Another aspect that Danh enjoys about the workshops as a new mom is getting to meet other moms who attend with their children. It’s something that Danh herself wishes to do one day with her daughter. As a work-from-home mom, Danh gets to bring Emery to the studio so she can spend time with her while she works. She said she cannot wait to share the process of making clay earrings with her daughter when she grows up.



Step 1: Danh spends 20 to 30 minutes rolling out a 1.7-ounce piece of clay to make it flat, rolling it in her hands to get it nicely conditioned and soft.

Step 2: She then transfers the clay to a pasta machine, which it is run through to even the clay out on all sides.

Step 3: Danh decides which cutters she should use, dusts the clay with baby powder to make sure it does not stick, and cuts it into shapes.

Step 4: She then dusts off the baby powder and puts the clay shapes into a toaster oven for about 40 minutes.

Step 5: When the time is up, Danh takes the pieces out of the oven and waits for them to cool down.

Step 6: Since the pieces are not completely smooth on their sides, Danh spends 20 to 25 minutes using an electronic nail filer to shape and sand the sides for a smooth finish.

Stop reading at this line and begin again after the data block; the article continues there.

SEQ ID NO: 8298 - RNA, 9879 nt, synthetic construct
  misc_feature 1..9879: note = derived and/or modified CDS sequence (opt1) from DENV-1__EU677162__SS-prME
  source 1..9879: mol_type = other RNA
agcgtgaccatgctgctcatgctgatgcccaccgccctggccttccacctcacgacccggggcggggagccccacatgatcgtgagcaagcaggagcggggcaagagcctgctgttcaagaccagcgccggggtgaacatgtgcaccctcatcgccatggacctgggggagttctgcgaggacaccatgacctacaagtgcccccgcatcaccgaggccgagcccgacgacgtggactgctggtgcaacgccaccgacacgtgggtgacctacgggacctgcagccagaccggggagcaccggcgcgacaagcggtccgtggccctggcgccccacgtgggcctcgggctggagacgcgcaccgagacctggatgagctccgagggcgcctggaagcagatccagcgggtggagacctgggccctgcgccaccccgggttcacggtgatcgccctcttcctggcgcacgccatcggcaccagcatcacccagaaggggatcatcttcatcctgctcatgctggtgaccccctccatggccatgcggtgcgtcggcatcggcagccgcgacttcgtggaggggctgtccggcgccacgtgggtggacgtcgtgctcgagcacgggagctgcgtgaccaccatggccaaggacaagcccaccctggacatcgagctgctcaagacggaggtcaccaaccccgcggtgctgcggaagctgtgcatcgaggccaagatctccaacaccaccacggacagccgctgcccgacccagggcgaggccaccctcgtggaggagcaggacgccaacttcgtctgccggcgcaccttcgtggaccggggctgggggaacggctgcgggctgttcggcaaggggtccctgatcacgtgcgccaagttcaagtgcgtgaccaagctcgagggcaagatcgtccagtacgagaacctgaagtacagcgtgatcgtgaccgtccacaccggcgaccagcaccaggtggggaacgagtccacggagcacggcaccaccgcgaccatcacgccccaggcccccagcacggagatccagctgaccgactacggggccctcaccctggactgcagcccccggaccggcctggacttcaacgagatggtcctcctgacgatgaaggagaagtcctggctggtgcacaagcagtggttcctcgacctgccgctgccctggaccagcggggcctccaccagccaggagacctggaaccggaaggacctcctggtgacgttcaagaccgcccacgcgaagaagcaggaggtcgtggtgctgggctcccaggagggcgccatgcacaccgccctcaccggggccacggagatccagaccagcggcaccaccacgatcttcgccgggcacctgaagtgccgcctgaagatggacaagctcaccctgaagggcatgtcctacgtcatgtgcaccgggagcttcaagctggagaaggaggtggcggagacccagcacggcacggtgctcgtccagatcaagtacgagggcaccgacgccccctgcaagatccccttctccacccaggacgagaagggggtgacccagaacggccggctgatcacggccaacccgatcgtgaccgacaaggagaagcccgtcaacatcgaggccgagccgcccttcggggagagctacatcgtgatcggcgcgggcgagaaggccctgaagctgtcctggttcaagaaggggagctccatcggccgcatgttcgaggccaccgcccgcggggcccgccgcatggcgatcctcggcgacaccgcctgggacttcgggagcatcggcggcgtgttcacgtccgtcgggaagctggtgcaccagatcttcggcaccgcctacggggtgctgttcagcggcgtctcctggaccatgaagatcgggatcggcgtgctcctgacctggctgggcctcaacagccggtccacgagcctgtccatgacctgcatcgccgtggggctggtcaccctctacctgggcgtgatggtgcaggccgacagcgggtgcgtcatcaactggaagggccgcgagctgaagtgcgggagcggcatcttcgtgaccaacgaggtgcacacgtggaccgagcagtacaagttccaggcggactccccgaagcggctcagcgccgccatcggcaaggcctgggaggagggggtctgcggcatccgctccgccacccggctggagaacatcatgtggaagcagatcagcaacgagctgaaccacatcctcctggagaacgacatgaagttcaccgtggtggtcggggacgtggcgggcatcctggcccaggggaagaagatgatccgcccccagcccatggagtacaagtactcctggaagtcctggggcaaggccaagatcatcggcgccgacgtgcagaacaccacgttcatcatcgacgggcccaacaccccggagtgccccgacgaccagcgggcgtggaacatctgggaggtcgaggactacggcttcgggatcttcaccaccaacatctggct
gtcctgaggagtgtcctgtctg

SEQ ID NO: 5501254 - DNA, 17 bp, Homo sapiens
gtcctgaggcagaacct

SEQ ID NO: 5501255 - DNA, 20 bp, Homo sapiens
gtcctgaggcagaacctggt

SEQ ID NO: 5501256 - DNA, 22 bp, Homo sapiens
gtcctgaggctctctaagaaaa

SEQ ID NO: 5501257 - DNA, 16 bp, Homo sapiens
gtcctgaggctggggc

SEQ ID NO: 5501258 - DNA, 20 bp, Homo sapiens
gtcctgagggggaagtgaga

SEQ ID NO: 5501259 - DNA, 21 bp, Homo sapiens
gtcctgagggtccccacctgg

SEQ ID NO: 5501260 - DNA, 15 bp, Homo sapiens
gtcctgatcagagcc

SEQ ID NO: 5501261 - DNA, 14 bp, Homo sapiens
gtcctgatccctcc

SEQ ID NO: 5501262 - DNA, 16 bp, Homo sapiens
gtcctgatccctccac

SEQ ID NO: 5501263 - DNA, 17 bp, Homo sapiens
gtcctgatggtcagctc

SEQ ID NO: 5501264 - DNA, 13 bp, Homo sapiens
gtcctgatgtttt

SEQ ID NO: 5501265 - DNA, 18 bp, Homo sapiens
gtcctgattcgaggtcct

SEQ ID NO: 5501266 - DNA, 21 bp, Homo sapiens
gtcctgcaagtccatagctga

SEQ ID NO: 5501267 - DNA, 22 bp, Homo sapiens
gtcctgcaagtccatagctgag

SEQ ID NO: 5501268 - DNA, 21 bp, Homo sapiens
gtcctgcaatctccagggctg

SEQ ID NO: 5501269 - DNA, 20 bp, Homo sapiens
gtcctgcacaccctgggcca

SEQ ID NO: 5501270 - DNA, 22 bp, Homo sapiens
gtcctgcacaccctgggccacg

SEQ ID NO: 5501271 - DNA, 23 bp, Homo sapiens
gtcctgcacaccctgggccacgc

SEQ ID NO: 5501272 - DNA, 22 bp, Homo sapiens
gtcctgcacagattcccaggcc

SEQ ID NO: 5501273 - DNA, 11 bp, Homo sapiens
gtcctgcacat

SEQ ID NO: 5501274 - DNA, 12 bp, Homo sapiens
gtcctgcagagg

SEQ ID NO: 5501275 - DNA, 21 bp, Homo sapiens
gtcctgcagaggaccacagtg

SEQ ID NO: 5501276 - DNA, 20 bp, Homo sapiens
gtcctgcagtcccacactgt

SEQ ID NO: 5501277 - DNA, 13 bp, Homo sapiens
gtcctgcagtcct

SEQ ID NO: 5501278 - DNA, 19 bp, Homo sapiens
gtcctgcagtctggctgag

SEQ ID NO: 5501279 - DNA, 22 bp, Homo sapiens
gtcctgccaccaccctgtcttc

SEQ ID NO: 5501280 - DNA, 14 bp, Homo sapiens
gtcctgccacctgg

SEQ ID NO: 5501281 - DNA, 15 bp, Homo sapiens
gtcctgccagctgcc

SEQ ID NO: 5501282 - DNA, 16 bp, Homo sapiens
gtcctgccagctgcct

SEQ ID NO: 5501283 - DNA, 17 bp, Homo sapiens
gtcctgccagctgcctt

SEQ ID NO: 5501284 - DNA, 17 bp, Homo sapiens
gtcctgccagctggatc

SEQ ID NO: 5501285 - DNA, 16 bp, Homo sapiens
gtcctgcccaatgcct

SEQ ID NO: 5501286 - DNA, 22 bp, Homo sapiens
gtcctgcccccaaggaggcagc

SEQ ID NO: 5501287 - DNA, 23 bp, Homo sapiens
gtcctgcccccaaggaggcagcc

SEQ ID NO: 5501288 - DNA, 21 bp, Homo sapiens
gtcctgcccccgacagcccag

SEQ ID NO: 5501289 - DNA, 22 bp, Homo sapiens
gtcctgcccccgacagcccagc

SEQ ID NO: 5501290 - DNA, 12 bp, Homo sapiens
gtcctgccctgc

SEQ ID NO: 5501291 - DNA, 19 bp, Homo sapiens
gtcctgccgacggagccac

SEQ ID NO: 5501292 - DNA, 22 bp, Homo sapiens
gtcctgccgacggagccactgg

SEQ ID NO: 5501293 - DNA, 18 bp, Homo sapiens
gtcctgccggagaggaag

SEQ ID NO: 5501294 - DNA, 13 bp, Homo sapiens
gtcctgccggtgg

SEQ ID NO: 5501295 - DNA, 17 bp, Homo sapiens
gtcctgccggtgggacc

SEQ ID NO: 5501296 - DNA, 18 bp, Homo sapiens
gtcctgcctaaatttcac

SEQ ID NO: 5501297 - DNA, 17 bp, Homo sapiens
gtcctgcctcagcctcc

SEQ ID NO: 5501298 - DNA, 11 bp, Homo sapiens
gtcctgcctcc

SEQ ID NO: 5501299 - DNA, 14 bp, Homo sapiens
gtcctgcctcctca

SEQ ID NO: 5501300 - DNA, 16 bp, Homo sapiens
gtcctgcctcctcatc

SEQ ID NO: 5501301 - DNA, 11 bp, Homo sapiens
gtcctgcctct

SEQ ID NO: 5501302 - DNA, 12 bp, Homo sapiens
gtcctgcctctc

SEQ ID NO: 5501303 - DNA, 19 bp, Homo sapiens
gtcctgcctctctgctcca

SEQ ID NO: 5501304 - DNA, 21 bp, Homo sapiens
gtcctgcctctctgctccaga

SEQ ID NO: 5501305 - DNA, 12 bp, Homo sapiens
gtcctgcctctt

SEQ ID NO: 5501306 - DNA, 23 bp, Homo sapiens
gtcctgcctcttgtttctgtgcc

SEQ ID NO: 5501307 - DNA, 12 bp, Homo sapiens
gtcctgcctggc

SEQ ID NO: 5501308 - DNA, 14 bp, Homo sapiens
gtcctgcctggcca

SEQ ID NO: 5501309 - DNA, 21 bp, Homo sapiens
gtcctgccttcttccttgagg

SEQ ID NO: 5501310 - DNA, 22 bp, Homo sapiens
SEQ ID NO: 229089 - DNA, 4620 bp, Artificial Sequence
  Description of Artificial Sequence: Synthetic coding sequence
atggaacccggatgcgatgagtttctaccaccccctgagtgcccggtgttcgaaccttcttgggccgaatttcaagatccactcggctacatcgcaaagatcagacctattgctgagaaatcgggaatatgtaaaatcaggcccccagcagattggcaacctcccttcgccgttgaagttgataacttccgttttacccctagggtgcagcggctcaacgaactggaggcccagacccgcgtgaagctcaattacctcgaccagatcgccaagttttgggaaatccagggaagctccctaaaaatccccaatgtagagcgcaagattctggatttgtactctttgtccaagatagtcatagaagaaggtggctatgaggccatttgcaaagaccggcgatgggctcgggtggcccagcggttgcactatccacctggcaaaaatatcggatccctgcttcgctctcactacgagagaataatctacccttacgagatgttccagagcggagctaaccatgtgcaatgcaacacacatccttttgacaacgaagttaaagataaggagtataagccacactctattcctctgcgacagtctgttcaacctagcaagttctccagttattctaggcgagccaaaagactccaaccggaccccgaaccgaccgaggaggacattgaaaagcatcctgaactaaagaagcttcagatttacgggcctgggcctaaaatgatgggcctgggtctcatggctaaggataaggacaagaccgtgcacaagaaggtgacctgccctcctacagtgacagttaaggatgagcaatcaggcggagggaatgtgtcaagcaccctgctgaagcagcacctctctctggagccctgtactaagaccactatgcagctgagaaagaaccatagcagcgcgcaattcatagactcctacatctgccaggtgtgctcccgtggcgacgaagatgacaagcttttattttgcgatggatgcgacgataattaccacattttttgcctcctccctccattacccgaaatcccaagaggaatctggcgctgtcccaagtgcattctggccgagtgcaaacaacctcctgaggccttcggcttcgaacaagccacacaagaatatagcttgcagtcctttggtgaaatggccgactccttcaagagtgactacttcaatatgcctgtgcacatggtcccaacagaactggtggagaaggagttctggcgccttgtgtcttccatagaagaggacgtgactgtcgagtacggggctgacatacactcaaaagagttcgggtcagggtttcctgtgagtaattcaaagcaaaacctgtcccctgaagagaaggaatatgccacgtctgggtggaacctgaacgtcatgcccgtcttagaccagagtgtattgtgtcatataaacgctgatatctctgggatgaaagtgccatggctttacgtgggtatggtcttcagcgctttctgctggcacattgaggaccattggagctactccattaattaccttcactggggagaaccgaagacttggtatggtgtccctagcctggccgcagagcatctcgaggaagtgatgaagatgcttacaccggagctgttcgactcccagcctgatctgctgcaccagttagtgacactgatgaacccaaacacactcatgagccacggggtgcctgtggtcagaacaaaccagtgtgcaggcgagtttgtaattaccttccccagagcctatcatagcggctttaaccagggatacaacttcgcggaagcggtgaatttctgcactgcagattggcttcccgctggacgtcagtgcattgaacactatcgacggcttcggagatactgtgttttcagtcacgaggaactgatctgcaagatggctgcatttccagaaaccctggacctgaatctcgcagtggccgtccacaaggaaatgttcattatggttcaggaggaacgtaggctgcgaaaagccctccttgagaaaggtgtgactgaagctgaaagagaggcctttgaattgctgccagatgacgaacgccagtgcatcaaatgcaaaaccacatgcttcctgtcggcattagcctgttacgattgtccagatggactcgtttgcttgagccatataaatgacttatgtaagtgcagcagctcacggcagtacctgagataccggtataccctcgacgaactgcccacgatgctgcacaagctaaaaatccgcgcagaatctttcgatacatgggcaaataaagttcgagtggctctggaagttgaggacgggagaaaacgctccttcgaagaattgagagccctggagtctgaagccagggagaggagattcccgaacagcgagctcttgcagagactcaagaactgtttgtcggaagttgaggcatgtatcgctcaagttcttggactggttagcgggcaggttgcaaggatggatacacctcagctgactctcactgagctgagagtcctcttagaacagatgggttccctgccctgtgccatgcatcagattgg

If you want to get your own pair of clay earrings, there are a few ways to do so. Danh has two workshops that you can attend this month. The first will be held on April 13 at the Lynn Museum from 10 a.m. to 2 p.m. with free admission. The second workshop will be at Couch Dog Brewing, an Asian-owned brewery in Salem, on April 23 from 5 to 8 p.m. Amanda Beard Garcia, the founder of Lucky Knot Arts, encouraged Danh to hold this workshop, as she was awarded a Civic Impact Grant from the AAWPI.


“She wanted to create accessible arts for Asian Americans but in the North Shore, because in Boston you have so much for Asian Americans to do out there,” Danh said.


You can also find some of her pieces at Eat Drink Explore Provisions in Peabody or at fairs and booths she announces on her Instagram, @CindasCrafts. From her Instagram, you can order fun mystery pairs, which she can put together to match your vibe and style. Outside of clay earrings, Danh will be releasing the fourth issue of her magazine, Faces of Lynn, which you can get at the Lynn Museum on May 11 from 11 a.m. to 2 p.m. The magazine will feature the portraits of more than 100 mothers from Lynn and their descriptions of what motherhood means to them. There will also be vendors from businesses owned by moms and a photobooth there.


en English